So, simply put, the State has evidence that the alternate suspect had contact with Hae on January 13, 1999 and/or was at/around Woodlawn High School on that date. This means that he's a very strong suspect.
I would also say that this revelation fits well with the theory I had since November 2014. Both Becky and Aisha (via Krista) say Hae said she couldn't give Adnan a ride after school on January 13, 1999 because something came up and she had "something else" to do before picking up her relative. It has been, and continues to be, my theory that the person who changed Hae's plans is the person who killed her. And I now believe this was the same person who had motive, means, and opportunity to kill her.
Your theory makes it all the more odd that the police didn’t pull Hae’s pager records. I find it difficult to believe that in a missing person investigation that those records wouldn’t have been requested in an attempt to find the last person that contacted her.
Posted by: Stephanie Price | Sep 24, 2022 6:29:23 AM
Yes. Also wonder if Hae’s computer was ever checked. Seem to remember there was an issue about this.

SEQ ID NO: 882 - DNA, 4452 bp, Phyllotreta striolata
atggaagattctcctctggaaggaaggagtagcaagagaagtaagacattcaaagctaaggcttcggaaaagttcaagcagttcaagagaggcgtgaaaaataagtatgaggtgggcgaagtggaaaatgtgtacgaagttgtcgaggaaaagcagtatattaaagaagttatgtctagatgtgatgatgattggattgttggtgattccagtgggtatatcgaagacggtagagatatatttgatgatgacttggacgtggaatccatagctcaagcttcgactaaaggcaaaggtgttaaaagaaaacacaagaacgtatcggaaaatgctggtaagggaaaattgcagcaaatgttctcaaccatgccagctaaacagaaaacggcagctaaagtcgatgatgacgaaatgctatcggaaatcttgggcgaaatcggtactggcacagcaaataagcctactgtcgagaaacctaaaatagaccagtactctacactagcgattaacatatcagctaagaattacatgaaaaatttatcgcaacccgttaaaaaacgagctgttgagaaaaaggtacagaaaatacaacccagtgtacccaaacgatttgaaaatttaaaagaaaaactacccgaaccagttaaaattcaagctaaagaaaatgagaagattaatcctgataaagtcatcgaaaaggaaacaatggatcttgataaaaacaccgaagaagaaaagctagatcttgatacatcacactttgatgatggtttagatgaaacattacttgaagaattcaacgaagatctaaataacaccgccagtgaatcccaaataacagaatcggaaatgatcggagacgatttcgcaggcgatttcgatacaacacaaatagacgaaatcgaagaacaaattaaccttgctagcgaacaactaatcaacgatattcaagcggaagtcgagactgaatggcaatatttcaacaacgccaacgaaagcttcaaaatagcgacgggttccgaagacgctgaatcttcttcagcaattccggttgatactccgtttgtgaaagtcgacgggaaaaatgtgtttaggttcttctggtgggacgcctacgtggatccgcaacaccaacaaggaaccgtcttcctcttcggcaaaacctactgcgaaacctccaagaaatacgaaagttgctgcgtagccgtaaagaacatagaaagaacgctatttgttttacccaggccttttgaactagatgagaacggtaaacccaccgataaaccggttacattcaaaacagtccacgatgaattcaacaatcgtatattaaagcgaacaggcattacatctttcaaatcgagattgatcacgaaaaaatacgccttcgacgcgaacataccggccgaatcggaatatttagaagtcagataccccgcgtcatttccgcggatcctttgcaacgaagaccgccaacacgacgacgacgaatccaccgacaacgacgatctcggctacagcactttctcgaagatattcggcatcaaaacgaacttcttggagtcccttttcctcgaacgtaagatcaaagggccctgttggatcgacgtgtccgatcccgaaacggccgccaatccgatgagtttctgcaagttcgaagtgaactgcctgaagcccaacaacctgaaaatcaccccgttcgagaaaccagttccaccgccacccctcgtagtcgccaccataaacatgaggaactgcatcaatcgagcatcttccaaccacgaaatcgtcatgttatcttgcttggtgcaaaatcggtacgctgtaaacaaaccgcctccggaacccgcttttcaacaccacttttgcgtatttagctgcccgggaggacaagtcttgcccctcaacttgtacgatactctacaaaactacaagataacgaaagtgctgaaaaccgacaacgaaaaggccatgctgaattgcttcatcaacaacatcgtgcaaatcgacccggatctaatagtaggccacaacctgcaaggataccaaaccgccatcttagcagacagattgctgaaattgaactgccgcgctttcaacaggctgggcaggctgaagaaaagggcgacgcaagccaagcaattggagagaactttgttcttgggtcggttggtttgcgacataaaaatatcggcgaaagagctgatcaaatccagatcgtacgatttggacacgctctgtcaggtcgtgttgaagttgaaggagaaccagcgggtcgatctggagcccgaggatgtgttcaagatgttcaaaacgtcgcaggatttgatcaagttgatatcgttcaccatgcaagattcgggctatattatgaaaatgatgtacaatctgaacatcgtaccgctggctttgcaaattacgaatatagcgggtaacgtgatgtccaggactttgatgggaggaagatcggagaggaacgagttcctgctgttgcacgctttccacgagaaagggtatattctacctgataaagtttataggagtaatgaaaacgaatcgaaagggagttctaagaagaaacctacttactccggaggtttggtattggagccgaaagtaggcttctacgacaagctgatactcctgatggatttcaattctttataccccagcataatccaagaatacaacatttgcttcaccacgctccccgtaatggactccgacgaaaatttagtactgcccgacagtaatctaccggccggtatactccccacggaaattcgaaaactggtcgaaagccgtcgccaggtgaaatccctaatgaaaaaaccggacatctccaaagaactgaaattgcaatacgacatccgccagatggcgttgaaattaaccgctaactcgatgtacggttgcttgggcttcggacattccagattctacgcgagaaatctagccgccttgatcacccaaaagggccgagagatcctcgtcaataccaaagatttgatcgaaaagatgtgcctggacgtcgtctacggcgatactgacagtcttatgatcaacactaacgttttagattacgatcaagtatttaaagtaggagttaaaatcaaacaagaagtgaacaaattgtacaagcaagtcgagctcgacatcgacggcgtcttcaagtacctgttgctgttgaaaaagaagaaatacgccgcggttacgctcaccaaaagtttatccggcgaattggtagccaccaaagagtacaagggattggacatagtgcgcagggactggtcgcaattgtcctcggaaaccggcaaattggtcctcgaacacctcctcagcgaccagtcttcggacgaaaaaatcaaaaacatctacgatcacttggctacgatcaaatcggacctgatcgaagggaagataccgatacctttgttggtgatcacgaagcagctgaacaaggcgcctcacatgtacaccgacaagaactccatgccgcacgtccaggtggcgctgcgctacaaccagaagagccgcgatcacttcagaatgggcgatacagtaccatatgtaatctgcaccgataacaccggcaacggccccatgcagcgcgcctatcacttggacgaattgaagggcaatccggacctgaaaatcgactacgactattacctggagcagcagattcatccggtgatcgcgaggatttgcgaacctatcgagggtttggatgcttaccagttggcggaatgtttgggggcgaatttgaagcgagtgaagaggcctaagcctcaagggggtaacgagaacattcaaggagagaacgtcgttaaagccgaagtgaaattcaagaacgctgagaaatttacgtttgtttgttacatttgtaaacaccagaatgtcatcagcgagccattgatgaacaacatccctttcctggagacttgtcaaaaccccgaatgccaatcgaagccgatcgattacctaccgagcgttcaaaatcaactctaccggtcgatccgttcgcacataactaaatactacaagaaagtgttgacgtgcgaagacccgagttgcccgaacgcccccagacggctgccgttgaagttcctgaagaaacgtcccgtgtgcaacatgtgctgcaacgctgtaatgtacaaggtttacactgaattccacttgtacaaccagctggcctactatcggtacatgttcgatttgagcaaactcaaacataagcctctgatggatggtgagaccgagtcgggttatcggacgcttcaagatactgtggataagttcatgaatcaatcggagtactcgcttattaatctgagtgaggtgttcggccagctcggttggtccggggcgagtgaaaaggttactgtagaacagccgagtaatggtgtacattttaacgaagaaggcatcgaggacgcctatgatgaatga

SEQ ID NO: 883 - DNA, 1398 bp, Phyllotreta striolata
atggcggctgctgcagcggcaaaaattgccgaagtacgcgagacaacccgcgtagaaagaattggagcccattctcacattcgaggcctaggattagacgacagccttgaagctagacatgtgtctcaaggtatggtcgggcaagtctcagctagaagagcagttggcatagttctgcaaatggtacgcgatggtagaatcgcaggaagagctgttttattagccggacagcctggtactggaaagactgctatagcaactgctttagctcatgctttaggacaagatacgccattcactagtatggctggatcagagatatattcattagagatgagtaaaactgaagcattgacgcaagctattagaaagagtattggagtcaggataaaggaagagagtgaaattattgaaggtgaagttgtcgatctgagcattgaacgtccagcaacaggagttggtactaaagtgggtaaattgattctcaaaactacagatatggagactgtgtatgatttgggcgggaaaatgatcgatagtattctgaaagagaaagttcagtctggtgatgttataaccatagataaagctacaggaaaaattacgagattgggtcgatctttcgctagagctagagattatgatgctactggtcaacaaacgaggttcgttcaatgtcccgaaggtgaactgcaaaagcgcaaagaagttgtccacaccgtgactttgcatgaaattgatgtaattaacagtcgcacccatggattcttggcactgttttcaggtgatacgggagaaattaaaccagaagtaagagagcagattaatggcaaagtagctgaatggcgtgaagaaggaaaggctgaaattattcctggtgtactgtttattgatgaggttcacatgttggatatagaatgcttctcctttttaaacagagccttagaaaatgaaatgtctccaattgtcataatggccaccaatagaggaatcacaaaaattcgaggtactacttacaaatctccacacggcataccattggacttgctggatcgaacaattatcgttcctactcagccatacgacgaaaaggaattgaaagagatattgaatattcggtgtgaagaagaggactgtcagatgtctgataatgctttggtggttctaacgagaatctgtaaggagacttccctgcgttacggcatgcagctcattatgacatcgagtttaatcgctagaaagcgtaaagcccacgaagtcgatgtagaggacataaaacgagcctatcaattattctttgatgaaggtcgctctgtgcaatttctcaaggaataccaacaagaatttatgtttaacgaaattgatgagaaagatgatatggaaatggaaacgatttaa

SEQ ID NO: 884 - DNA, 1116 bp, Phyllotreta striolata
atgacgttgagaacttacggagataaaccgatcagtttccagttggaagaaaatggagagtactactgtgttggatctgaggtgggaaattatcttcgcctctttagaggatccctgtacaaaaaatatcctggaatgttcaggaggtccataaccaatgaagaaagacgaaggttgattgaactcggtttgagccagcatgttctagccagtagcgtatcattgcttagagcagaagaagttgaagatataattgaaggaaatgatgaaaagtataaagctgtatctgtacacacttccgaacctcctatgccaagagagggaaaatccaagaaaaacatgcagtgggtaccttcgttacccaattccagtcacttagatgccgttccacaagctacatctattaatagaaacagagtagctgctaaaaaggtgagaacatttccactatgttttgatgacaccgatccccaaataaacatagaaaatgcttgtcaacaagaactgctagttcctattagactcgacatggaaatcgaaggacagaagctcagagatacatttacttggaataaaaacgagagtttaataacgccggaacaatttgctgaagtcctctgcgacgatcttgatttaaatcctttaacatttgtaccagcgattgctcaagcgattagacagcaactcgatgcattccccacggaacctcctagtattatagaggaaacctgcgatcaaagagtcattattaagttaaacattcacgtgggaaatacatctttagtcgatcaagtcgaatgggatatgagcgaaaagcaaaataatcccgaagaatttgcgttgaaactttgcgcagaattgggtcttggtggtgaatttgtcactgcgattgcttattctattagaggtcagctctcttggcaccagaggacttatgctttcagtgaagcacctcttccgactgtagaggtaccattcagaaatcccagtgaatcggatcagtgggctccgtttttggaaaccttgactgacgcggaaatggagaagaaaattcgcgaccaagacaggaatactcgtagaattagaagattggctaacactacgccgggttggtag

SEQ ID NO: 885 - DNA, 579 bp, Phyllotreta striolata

Posted by: Hal Porter | Sep 24, 2022 10:39:41 AM
Wasn't there a relative of Hae that was inappropriate with her?
Posted by: Ray | Sep 24, 2022 12:26:10 PM
Your theory assumes that Becky used "opportunity" in the way the case law you've presented uses it. It is significant that Becky only said it in an offhand comment at the hearing - not in the brief. If the alternate suspect had motive, means and opportunity, why was that not stated in the brief if she meant it in its absolute legal meaning as opposed to the colloquial argumentative way? I do not think that we can draw a conclusion from what's presented that the alternative suspects are believed to have actually had contact with Hae or were at Woodlawn. If that were the case it should be in the brief.
Posted by: Random Person | Sep 24, 2022 2:20:52 PM
If the term "opportunity" is so critical, why wasn't it mentioned in the motion?
Don't you think it more likely that Becky Feldman just got carried away while arguing the motion verbally given how often the terms "motive, means, and opportunity" are associated and used in legal arguments/courts?